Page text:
Friday, September 28, 2007

My Mother The Cheerleader

Sharenow, Robert. 2007. My Mother the Cheerleader.

There are many words to describe this historical novel: brutal, violent, memorable, harsh, emotional, bold. But even all together, they fail to depict the heart and soul of hatred in the American South for desegregation in New Orleans the year Ruby Bridges begins her first grade school year. Our narrator, Louise Collins, is the daughter of one of the cheerleaders. What is a Cheerleader in this context? Grown women--mothers and wives--who daily stand on the sidewalk, the sidelines, and chant nasty, hateful words to the brave little black girl on her way to school. Louise has never thought about segregation and integration. She only knows that her mother has pulled her out of school. That instead of being overworked with school, she's burdened with caring for her mother's boarders in their boarding house. She's in charge of emptying bed pans and cleaning up after an older man--a legless diabetic--who is grumpy, grumpy, mean. Life might have gone on dismally and stagnant except for the arrival of an outsider--a man, Morgan Miller--who unknowingly changes everything for this family. Who is Morgan? Why is he in town? Morgan was born in New Orleans, he has family there, but he lives in New York. He is here to witness the harshness and brutality of racism. It is a dangerous place to be. The world is a cruel, cruel, place and this atmosphere is deadly serious about staying segregated. There is language--strong language, racist language; there is violence--even sexual violence. So this novel isn't for everyone. But while the pictures it paints are never pretty, it captures the brutal reality of America's past. The good. The bad. The ugly. It is all here.


Debi 9:31 AM  

This sounds like a wonderful, powerful book! Even your review brought tears to my eyes.

Becky 9:42 AM  

It was a great book. Very powerful. The emotions were raw and ugly. It didn't hold anything back.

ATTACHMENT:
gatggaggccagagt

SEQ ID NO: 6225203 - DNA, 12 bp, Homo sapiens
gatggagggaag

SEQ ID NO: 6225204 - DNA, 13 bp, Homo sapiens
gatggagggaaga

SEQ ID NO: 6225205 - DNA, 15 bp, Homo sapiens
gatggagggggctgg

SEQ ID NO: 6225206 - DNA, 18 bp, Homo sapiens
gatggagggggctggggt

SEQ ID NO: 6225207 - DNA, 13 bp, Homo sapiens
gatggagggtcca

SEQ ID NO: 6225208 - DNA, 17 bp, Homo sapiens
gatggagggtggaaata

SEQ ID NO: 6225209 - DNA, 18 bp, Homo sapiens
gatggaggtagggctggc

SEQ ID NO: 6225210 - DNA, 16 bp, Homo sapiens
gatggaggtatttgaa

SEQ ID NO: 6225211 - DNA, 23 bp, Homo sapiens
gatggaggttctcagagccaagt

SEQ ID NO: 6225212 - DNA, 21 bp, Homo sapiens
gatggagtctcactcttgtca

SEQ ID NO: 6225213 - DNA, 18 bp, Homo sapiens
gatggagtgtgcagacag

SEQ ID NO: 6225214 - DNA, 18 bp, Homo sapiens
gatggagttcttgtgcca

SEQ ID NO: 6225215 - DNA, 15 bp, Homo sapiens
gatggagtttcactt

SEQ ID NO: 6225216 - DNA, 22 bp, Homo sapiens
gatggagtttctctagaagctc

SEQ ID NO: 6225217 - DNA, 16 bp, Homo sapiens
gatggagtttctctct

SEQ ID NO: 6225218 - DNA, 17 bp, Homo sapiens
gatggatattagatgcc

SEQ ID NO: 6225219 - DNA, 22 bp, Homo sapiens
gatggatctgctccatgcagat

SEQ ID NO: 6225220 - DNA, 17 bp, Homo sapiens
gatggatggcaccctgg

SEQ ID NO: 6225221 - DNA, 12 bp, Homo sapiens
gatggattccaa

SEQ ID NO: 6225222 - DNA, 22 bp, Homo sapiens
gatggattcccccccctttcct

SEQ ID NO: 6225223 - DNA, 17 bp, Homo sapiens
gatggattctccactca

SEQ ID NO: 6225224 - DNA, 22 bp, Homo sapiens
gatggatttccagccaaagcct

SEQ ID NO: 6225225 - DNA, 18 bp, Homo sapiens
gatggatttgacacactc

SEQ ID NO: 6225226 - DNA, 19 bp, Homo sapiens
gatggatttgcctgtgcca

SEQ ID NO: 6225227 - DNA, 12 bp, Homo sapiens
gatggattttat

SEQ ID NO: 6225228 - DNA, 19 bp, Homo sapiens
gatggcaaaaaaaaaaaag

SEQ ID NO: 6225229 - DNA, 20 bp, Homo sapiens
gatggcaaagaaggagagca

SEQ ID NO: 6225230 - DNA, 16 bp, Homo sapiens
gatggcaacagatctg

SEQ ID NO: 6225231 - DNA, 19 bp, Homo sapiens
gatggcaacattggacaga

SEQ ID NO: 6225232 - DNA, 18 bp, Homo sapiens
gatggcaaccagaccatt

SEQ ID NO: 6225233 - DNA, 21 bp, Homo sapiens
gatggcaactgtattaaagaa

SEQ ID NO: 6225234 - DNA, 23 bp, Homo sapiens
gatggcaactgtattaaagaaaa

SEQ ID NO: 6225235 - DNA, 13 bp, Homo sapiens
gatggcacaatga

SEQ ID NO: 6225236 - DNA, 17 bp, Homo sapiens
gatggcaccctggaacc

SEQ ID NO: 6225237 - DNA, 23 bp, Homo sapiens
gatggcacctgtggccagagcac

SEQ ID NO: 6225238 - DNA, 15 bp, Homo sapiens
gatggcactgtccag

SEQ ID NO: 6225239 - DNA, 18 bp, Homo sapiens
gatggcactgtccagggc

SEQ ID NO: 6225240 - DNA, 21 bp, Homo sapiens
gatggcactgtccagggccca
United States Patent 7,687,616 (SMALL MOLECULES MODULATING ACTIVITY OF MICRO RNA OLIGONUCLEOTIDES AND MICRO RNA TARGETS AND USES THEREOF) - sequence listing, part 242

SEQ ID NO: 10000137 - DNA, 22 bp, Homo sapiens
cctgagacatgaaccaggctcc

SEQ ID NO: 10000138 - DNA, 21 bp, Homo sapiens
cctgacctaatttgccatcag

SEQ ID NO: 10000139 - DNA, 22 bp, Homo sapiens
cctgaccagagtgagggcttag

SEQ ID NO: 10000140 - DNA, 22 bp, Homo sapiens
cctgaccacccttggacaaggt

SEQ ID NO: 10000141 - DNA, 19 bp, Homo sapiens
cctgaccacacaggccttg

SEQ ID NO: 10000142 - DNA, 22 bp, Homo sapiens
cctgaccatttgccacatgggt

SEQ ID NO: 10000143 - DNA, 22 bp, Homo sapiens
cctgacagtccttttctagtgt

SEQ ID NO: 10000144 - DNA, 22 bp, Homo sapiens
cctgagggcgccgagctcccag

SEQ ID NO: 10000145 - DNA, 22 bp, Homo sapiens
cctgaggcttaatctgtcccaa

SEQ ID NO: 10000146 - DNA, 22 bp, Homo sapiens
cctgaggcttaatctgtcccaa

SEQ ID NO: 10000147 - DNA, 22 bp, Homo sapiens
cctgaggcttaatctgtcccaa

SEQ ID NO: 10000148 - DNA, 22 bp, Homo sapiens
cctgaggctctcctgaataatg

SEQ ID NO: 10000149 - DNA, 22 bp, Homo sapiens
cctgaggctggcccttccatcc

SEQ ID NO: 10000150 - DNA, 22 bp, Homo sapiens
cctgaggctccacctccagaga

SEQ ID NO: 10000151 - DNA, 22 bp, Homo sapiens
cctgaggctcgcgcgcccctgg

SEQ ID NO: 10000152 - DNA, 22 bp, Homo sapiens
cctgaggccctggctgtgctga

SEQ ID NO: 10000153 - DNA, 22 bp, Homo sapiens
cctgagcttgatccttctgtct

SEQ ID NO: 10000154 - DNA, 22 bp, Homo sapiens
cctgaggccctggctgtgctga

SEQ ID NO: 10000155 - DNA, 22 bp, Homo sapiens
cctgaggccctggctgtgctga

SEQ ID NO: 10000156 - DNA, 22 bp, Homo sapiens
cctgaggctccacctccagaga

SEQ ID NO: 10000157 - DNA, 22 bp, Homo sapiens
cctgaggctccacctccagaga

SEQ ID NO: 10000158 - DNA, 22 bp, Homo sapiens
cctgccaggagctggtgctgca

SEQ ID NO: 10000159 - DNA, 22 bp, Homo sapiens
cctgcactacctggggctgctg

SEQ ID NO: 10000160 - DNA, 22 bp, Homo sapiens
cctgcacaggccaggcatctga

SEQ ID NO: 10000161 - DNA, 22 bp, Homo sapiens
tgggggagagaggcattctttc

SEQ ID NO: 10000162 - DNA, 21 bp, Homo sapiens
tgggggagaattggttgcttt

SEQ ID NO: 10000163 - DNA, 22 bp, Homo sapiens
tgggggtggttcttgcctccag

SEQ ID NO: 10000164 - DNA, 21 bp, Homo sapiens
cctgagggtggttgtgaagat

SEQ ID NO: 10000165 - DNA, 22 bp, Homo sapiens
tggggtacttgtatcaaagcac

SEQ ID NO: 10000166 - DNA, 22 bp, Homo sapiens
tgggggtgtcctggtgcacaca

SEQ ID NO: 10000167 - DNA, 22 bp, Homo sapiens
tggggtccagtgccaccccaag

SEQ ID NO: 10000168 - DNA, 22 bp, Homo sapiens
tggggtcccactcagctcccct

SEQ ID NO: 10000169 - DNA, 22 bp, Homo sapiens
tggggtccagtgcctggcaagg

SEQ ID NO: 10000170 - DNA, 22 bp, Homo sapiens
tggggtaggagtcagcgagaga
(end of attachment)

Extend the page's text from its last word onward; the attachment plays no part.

Unknown 4:33 PM  

This sounds incredible. I'm sure I'll be in tears while reading it, but that's what makes so many books so real and overall, amazing. Thanks for the great review, as usual Becky!

Ms. Yingling 5:44 AM  

This would be difficult for middle school readers. I would also like to know why so many of the books about civil rights in the south are from the point of view of adolescent white girls. My students are much more thrilled about Draper's Fire From the Rock or McKissack's A Friendship for today. I have this one for 8th graders who have a summer reading assignment that includes Lee's To Kill a Mockingbirg. This is not a title that students in my school will just randomly pick up.

Unknown 4:47 PM  

I just finished this book yesterday...I LOVED it. Now I'm working on another book called Charlie Bone and the Hidden King. I have a review of the previous book in the series on my blog.

Rijo,  12:38 AM  

I didn't really like this book. While I agree that it held nothing back and was very real, I thought it was too much especially because it was the summer reading book for entering 8th grade at my school.

samantha,  7:33 PM  

This sounds like a really great,powerfull book. Thanks for the review becky! This really wanted to make me reading. :)

Payton,  3:41 PM  

I'm in middle school, and this was one of my favorite books of all time. I am an advanced reader, but I wouldn't say this book was too hard to read.

Fernanda,  12:16 PM  

I had to read this book for a school project and it was amazing!

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